Belonging to classic technical analysis patterns, double and triple tops and bottoms form on all markets. And, quite often.
Because of that, technical traders and not only, pay attention to these two reversal patterns, as they suggest the market’s inability to continue in the previous direction. For some reason, the price isn’t able to make new highs or lows, and trends reverse.
It may be that the monetary policy changed. Or, changes in the macroeconomic space drove a significant shift in market sentiment. No matter the cause, double and triple tops or bottoms have the great advantage of alerting traders when the trend changes.
And, perhaps their greatest value, they take a lot of time to form. Therefore, traders virtually have no excuse not seeing and interpreting double and triple tops and bottoms.
Trading the Double Top or Bottom
As the name suggests, the market fails twice at the same level. Because execution improved drastically in the last years, traders should not fall into the trap of expecting a fix level for a double or triple pattern. Instead, look for an area where the price failed.
Recognizing a double top or bottom is relatively straightforward. They resemble the letters M or W.
Check the GBPUSD daily chart from above. Recently, the cable pair, as the GBPUSD pair is also called, formed a double top around the 1.43 level.
In fact, the pair was on a steady trend higher following the Brexit drop. It formed a series of higher highs and higher lows, consistent with strong, bullish trends. As such, it recovered most of the Brexit related losses. However, the 1.43 level proved to be a difficult one to break.
For whatever the reason, the pair failed at the level and formed the letter M. That’s a double top, with thick, blue line, showing the measured move for the technical pattern.
Trading the Triple Top or Bottom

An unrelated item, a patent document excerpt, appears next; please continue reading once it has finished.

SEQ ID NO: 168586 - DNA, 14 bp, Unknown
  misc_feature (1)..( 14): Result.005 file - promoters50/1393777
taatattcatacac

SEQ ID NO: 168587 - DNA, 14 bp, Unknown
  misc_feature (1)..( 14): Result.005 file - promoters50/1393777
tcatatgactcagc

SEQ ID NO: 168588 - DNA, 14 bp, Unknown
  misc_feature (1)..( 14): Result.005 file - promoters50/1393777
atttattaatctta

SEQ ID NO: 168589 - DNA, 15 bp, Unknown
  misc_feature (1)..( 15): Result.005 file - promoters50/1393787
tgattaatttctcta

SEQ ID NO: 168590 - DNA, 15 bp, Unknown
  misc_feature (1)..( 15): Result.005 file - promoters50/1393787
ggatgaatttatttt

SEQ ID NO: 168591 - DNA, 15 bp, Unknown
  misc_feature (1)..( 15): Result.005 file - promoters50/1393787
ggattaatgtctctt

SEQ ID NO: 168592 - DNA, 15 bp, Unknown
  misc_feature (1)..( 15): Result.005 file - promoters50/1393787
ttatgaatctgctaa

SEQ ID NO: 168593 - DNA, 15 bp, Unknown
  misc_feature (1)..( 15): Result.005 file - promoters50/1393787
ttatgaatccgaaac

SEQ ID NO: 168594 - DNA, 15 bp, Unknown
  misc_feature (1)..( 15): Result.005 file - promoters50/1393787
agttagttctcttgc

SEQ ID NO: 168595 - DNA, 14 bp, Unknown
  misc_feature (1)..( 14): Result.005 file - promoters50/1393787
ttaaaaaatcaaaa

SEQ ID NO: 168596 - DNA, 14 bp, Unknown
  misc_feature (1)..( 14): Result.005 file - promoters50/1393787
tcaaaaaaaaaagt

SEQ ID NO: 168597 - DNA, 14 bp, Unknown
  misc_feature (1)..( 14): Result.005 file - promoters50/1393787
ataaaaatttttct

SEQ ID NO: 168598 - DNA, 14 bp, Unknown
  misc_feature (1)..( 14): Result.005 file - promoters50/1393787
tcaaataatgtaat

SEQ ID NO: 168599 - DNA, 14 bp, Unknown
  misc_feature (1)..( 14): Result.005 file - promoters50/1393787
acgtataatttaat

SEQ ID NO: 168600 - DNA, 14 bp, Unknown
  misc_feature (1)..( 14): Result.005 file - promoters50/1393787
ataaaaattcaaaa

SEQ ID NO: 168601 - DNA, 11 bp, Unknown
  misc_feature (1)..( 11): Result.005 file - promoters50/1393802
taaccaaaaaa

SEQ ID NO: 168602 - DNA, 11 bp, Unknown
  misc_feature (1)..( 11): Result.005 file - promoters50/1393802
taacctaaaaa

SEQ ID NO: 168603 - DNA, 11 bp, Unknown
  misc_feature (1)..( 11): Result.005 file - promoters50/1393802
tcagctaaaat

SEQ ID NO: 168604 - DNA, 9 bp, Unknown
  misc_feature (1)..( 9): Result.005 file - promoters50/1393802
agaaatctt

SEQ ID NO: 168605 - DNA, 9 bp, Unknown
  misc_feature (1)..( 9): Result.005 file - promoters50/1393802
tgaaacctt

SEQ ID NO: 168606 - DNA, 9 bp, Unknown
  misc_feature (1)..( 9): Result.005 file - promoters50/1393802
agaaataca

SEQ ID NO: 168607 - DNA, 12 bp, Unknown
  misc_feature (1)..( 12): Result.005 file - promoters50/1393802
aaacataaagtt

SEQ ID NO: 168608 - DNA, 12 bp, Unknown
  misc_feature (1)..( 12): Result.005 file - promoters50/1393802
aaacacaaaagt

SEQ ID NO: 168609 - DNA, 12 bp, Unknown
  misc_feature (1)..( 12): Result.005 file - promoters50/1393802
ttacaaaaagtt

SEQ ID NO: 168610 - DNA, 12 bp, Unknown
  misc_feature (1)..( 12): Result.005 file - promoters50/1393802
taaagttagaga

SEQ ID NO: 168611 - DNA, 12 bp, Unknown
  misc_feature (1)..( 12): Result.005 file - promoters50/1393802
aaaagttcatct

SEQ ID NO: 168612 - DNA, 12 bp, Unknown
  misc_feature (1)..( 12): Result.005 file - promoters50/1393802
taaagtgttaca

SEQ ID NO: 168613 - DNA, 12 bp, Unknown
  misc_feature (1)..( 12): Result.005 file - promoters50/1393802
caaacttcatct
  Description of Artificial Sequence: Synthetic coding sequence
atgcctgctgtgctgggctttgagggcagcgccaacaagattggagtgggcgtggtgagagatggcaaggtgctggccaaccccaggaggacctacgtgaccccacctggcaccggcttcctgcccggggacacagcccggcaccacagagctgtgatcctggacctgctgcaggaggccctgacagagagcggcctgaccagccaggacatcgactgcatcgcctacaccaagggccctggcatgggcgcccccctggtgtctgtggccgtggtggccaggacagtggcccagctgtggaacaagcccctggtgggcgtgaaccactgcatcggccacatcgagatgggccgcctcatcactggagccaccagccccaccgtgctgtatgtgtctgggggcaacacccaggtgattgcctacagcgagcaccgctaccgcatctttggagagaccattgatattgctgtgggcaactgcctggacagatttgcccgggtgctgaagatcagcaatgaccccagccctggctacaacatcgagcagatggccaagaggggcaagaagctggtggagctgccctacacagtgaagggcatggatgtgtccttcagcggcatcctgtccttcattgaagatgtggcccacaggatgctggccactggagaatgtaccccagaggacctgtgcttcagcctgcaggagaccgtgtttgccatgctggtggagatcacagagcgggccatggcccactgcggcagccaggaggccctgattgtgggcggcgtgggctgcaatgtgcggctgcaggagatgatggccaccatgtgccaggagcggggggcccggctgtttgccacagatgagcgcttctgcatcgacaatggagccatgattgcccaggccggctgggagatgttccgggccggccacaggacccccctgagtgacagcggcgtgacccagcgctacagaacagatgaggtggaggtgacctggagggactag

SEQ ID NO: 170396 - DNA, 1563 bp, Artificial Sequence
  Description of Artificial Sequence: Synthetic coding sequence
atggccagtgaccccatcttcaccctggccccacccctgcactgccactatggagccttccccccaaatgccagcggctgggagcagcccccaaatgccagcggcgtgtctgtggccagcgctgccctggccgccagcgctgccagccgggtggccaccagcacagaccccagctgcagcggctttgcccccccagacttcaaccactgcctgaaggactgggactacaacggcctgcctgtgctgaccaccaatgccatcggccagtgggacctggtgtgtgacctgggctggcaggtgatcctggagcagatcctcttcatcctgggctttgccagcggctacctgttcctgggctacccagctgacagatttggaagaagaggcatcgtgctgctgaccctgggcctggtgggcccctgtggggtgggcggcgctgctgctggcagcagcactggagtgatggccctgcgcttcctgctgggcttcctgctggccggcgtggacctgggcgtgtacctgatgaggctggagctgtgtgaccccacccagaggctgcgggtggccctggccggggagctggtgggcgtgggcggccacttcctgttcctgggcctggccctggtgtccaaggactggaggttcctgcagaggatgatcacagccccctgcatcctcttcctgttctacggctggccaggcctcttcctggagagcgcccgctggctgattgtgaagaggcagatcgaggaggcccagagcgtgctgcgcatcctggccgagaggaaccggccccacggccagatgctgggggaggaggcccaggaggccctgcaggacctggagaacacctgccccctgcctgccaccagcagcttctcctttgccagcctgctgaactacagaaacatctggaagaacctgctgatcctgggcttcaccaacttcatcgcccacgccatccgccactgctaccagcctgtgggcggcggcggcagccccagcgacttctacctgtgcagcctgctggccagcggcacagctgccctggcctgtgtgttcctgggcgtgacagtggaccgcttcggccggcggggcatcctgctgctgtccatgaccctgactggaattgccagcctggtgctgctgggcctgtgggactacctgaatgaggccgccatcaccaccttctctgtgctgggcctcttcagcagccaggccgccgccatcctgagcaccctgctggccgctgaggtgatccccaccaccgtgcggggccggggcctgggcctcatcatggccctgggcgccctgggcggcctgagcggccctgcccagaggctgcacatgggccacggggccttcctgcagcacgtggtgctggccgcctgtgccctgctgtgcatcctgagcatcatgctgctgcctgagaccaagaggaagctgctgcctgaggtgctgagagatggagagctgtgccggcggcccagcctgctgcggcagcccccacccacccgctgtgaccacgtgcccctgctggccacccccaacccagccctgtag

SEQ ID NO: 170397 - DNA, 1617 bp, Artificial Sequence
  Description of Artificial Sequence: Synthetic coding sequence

The triple top or bottom pattern is similar. But, instead of the price failing twice at the same area, it gives another shot at it.
Triple tops or bottoms aren’t that common like the double ones. Market forces fight at certain levels and uncertainty is the name of the game.
As reversal patterns, triple tops or bottoms consume a lot of time. And, they are tricky patterns, too!
Because they form against a horizontal level and during a market advance or decline, many interpret them as ascending or descending triangles. Or, continuation patterns, when in fact, the market prepares to bottom or top.
Take the EURUSD pair, for instance. The recent triple bottom took over two-and-a-half years to form. Eventually, the market reversed, and the rally didn’t stall until the pair completed the measured move.
The biggest advantage of double and triple tops and bottoms is that they take a lot of time to form. Traders can’t possibly miss them, providing the timeframe is big enough.
But this is also one of their major problems. Unlike Japanese candlesticks reversal patterns, double and triple tops or bottoms test the trader’s patience.
The measured move confirms the double or triple top or bottom. Also, the areas provide firm support and resistance levels every time the market tests them in the future.
As reversal patterns, they are one of the most powerful ones belonging to classic technical analysis. They stood the test of time and will remain a pillar of the Western approach to technical analysis for the years to come.